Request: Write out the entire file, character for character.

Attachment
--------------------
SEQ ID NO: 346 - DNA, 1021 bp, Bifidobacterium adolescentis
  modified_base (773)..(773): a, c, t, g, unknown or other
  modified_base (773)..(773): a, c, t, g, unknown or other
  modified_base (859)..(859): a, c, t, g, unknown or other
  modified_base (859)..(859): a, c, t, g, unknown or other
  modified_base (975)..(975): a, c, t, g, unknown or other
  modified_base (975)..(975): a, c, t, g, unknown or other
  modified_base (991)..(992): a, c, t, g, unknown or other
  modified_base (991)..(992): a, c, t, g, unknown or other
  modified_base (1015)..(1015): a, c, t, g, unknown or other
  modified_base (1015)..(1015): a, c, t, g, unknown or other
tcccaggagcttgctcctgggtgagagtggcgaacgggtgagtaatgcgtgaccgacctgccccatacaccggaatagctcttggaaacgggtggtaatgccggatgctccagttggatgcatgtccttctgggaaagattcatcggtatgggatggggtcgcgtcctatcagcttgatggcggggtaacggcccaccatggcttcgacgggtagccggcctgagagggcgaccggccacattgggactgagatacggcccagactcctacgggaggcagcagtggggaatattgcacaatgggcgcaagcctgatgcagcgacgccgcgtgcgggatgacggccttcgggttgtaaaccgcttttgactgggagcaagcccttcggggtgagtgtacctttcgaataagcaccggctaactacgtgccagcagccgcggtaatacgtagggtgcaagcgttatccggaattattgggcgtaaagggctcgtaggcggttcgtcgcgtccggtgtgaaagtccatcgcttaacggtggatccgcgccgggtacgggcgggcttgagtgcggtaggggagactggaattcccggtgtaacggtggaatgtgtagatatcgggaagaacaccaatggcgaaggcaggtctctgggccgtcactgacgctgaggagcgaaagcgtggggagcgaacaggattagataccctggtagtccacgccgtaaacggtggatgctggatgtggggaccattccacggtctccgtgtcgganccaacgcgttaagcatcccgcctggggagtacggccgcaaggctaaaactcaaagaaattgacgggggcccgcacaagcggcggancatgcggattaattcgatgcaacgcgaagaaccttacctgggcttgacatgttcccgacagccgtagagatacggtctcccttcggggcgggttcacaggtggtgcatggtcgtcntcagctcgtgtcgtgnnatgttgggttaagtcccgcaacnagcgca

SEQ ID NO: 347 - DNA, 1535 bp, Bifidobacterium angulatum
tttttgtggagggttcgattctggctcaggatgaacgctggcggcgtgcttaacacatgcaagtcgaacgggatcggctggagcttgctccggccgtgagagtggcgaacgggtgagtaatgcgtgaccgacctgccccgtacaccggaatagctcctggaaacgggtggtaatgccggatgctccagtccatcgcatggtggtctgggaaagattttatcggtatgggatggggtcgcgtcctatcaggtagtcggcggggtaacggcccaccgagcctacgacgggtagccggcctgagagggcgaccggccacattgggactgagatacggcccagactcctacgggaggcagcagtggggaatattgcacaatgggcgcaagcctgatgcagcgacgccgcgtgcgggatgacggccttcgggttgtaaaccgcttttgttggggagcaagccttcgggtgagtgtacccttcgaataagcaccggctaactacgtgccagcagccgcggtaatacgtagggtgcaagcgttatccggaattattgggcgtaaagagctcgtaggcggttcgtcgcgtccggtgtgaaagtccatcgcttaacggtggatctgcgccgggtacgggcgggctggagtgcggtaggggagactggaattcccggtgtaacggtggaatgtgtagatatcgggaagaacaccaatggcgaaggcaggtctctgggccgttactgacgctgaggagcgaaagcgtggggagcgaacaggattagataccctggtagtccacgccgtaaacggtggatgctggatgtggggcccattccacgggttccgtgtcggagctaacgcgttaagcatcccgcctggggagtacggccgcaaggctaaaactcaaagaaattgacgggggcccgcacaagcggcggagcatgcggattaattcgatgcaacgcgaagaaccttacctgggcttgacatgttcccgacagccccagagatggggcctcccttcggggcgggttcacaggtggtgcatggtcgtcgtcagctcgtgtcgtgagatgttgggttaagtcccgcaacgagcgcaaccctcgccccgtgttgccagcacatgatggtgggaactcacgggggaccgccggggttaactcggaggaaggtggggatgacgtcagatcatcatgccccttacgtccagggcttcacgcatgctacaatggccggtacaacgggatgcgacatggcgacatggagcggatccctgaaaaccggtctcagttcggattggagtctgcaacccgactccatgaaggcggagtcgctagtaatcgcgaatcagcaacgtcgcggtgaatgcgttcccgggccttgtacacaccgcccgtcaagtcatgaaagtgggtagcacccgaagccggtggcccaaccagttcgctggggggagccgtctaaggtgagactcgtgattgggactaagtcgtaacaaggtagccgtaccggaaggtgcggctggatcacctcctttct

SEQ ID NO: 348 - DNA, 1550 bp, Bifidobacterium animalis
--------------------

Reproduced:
SEQ ID NO: 346 - DNA, 1021 bp, Bifidobacterium adolescentis
  modified_base (773)..(773): a, c, t, g, unknown or other
  modified_base (773)..(773): a, c, t, g, unknown or other
  modified_base (859)..(859): a, c, t, g, unknown or other
  modified_base (859)..(859): a, c, t, g, unknown or other
  modified_base (975)..(975): a, c, t, g, unknown or other
  modified_base (975)..(975): a, c, t, g, unknown or other
  modified_base (991)..(992): a, c, t, g, unknown or other
  modified_base (991)..(992): a, c, t, g, unknown or other
  modified_base (1015)..(1015): a, c, t, g, unknown or other
  modified_base (1015)..(1015): a, c, t, g, unknown or other
tcccaggagcttgctcctgggtgagagtggcgaacgggtgagtaatgcgtgaccgacctgccccatacaccggaatagctcttggaaacgggtggtaatgccggatgctccagttggatgcatgtccttctgggaaagattcatcggtatgggatggggtcgcgtcctatcagcttgatggcggggtaacggcccaccatggcttcgacgggtagccggcctgagagggcgaccggccacattgggactgagatacggcccagactcctacgggaggcagcagtggggaatattgcacaatgggcgcaagcctgatgcagcgacgccgcgtgcgggatgacggccttcgggttgtaaaccgcttttgactgggagcaagcccttcggggtgagtgtacctttcgaataagcaccggctaactacgtgccagcagccgcggtaatacgtagggtgcaagcgttatccggaattattgggcgtaaagggctcgtaggcggttcgtcgcgtccggtgtgaaagtccatcgcttaacggtggatccgcgccgggtacgggcgggcttgagtgcggtaggggagactggaattcccggtgtaacggtggaatgtgtagatatcgggaagaacaccaatggcgaaggcaggtctctgggccgtcactgacgctgaggagcgaaagcgtggggagcgaacaggattagataccctggtagtccacgccgtaaacggtggatgctggatgtggggaccattccacggtctccgtgtcgganccaacgcgttaagcatcccgcctggggagtacggccgcaaggctaaaactcaaagaaattgacgggggcccgcacaagcggcggancatgcggattaattcgatgcaacgcgaagaaccttacctgggcttgacatgttcccgacagccgtagagatacggtctcccttcggggcgggttcacaggtggtgcatggtcgtcntcagctcgtgtcgtgnnatgttgggttaagtcccgcaacnagcgca

SEQ ID NO: 347 - DNA, 1535 bp, Bifidobacterium angulatum
tttttgtggagggttcgattctggctcaggatgaacgctggcggcgtgcttaacacatgcaagtcgaacgggatcggctggagcttgctccggccgtgagagtggcgaacgggtgagtaatgcgtgaccgacctgccccgtacaccggaatagctcctggaaacgggtggtaatgccggatgctccagtccatcgcatggtggtctgggaaagattttatcggtatgggatggggtcgcgtcctatcaggtagtcggcggggtaacggcccaccgagcctacgacgggtagccggcctgagagggcgaccggccacattgggactgagatacggcccagactcctacgggaggcagcagtggggaatattgcacaatgggcgcaagcctgatgcagcgacgccgcgtgcgggatgacggccttcgggttgtaaaccgcttttgttggggagcaagccttcgggtgagtgtacccttcgaataagcaccggctaactacgtgccagcagccgcggtaatacgtagggtgcaagcgttatccggaattattgggcgtaaagagctcgtaggcggttcgtcgcgtccggtgtgaaagtccatcgcttaacggtggatctgcgccgggtacgggcgggctggagtgcggtaggggagactggaattcccggtgtaacggtggaatgtgtagatatcgggaagaacaccaatggcgaaggcaggtctctgggccgttactgacgctgaggagcgaaagcgtggggagcgaacaggattagataccctggtagtccacgccgtaaacggtggatgctggatgtggggcccattccacgggttccgtgtcggagctaacgcgttaagcatcccgcctggggagtacggccgcaaggctaaaactcaaagaaattgacgggggcccgcacaagcggcggagcatgcggattaattcgatgcaacgcgaagaaccttacctgggcttgacatgttcccgacagccccagagatggggcctcccttcggggcgggttcacaggtggtgcatggtcgtcgtcagctcgtgtcgtgagatgttgggttaagtcccgcaacgagcgcaaccctcgccccgtgttgccagcacatgatggtgggaactcacgggggaccgccggggttaactcggaggaaggtggggatgacgtcagatcatcatgccccttacgtccagggcttcacgcatgctacaatggccggtacaacgggatgcgacatggcgacatggagcggatccctgaaaaccggtctcagttcggattggagtctgcaacccgactccatgaaggcggagtcgctagtaatcgcgaatcagcaacgtcgcggtgaatgcgttcccgggccttgtacacaccgcccgtcaagtcatgaaagtgggtagcacccgaagccggtggcccaaccagttcgctggggggagccgtctaaggtgagactcgtgattgggactaagtcgtaacaaggtagccgtaccggaaggtgcggctggatcacctcctttct

SEQ ID NO: 348 - DNA, 1550 bp, Bifidobacterium animalis